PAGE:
Click here to secure your iPhone

Click here to secure your iPhone

Click here to secure your iPhone is a browser hijacker application that integrates itself with popular Internet browsers. Click here to secure your iPhone is most commonly used to distribute sponsored ads and redirect web users to specific websites.

Click here to secure your iPhone

The “Click here to secure your iPhone” Calendar Spam


If you have recently noticed hundreds of pop-up ads, banners, and box messages in your default web browser (be it Safari, Chrome, Firefox, etc.) then you may have been infected with one of the latest Browser Hijackers called “Click here to secure your iPhone”. Another symptom that you may have noticed could be a change in your browser’s homepage or a replacement of your preferred search engine. Now, this may look alarming initially but the presence of this app in your system is unlikely to cause direct damage. There is no reason to worry too much about this software since it surely can’t encrypt your files like a Ransomware or steal your passwords like a Trojan Horse.

Besides, our removal guide below will help you to promptly uninstall the irritating software and remove any remaining components. This will be enough to permanently remove all the nagging ads and you will no longer have to deal with unwelcome settings in your browser.

What is “Click here to secure your iPhone” doing on your device?

The Browser Hijackers are pieces of software, distributed for the sole purpose of generating specific pop-ups, banner ads, and other promotional materials on the users’ screen. Each of these advertisements has the potential to financially profit for the marketers, if they get clicked upon by the users. This is the so-called Pay-Per-Click online business model which many programs like “Click here to secure your iPhone” incorporate in order to generate profits for their developers. The Pay-Per-Click method and the developers’ strive for more profits explains the annoying positioning of the pop-up advertisements on most of the websites you are visiting.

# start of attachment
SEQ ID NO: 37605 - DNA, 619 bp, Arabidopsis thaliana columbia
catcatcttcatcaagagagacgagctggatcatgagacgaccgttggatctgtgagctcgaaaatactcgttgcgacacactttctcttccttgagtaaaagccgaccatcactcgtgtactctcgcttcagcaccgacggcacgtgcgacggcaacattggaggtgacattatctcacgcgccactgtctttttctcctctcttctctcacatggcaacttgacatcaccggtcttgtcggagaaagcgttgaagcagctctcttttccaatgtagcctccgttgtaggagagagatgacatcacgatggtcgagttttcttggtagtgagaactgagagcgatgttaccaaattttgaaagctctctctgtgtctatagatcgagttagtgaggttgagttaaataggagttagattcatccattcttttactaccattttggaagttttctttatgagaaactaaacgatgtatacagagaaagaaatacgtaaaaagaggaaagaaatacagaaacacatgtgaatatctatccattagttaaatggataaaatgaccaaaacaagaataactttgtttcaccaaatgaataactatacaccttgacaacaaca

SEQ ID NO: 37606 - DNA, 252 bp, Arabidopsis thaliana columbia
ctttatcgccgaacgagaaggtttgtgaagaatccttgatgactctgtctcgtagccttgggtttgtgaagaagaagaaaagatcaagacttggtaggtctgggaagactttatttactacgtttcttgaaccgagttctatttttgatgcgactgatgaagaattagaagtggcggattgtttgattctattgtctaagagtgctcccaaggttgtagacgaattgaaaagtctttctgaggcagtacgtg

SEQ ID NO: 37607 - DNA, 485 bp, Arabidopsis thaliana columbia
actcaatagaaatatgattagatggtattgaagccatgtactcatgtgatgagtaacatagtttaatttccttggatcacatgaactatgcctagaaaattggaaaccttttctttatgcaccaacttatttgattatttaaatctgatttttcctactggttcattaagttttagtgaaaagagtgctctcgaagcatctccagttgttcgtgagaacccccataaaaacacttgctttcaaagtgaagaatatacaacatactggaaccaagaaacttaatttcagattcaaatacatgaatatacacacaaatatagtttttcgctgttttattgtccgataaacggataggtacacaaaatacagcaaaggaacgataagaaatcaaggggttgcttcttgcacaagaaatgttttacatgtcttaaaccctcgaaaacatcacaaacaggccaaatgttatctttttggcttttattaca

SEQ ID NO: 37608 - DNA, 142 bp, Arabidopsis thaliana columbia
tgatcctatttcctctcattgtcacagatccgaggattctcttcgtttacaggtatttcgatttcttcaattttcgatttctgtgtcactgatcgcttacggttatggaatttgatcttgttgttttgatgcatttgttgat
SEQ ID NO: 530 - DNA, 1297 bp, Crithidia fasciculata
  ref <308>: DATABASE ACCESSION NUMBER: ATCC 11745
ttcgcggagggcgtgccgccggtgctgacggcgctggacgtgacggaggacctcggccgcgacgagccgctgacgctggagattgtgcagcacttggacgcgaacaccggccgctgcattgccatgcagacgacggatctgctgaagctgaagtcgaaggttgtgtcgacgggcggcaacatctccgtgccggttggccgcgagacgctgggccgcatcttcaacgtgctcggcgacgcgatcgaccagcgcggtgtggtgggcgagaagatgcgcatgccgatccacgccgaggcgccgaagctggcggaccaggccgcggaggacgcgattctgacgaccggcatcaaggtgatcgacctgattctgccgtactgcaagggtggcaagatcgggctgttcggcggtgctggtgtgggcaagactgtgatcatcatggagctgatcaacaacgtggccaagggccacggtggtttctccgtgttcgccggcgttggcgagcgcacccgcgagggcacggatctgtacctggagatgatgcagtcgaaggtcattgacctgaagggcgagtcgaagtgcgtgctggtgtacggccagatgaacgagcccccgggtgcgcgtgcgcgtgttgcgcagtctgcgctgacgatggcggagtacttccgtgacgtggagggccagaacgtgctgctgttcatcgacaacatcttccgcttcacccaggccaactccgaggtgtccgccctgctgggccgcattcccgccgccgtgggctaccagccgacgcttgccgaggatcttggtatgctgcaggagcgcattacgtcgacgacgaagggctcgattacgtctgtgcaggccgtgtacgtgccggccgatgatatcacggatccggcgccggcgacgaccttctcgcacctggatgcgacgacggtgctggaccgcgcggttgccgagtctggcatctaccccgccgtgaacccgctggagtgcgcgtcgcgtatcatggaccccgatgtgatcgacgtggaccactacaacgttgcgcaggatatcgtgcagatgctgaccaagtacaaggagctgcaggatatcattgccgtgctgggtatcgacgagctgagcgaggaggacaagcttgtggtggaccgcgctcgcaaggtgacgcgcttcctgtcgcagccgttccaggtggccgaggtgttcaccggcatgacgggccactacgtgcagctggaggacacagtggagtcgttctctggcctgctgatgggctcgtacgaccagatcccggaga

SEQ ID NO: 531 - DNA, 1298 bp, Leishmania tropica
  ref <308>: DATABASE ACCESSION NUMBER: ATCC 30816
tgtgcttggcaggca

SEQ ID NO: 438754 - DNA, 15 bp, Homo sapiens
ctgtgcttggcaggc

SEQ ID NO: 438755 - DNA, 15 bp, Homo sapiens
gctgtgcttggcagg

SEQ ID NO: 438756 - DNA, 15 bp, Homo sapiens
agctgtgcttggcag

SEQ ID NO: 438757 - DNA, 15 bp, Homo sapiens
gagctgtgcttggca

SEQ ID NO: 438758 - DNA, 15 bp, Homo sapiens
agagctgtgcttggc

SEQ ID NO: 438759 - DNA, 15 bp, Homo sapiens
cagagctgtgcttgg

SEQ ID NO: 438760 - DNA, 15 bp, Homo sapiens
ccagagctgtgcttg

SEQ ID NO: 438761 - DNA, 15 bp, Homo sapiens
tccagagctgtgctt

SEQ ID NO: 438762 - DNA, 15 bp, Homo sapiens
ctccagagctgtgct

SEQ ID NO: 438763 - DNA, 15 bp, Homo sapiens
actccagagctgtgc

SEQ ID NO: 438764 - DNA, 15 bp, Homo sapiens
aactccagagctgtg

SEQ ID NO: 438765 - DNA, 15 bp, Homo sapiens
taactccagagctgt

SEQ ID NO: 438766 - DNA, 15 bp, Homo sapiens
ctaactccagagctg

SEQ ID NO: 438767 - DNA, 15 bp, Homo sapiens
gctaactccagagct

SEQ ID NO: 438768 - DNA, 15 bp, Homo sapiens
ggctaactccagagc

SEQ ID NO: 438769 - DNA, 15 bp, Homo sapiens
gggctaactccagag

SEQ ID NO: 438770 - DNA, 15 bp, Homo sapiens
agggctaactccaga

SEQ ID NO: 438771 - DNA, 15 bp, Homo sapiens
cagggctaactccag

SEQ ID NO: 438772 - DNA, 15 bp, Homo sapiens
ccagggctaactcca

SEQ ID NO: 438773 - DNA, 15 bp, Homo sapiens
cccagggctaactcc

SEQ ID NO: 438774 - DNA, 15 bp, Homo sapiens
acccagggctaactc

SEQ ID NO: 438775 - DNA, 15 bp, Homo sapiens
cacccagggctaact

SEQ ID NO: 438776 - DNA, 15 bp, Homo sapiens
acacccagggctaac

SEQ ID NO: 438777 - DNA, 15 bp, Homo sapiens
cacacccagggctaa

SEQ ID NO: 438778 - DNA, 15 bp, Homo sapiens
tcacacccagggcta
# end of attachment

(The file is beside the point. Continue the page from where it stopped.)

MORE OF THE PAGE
If you are not familiar with the Pay-Per-Click tactics and the aggressive ad-generating and page-redirecting methods the Browser Hijacker may use, however, it is logical to suspect that “Click here to secure your iPhone” may be some form of virus or malware. Fortunately, that is not the case. Typically the Browser Hijackers don’t have the power to format your drives, encrypt valuable information or replicate themselves. All of these are attributes of far worse threats, such as Trojans and Ransomware.

However, there is still a small chance that the Browser Hijacker may indirectly expose you to some of these viruses. The ads we mentioned earlier, which are adjusted to attract clicks, can sometimes redirect to sites different from the one presented in the ad message. Sometimes the images and links shown on your screen are just going to be misleading. Because of this, there is a chance that you may end up getting linked to dangerous websites filled with various malicious programs that can exploit vulnerabilities in your system, often without your knowledge. Of course, such a series of events is quite rare but still, the risk exists and it can just add up to your desire to remove “Click here to secure your iPhone”.


Name “Click here to secure your iPhone”
Type  Browser Hijacker
Danger Level Medium (nowhere near threats like Ransomware, but still a security risk)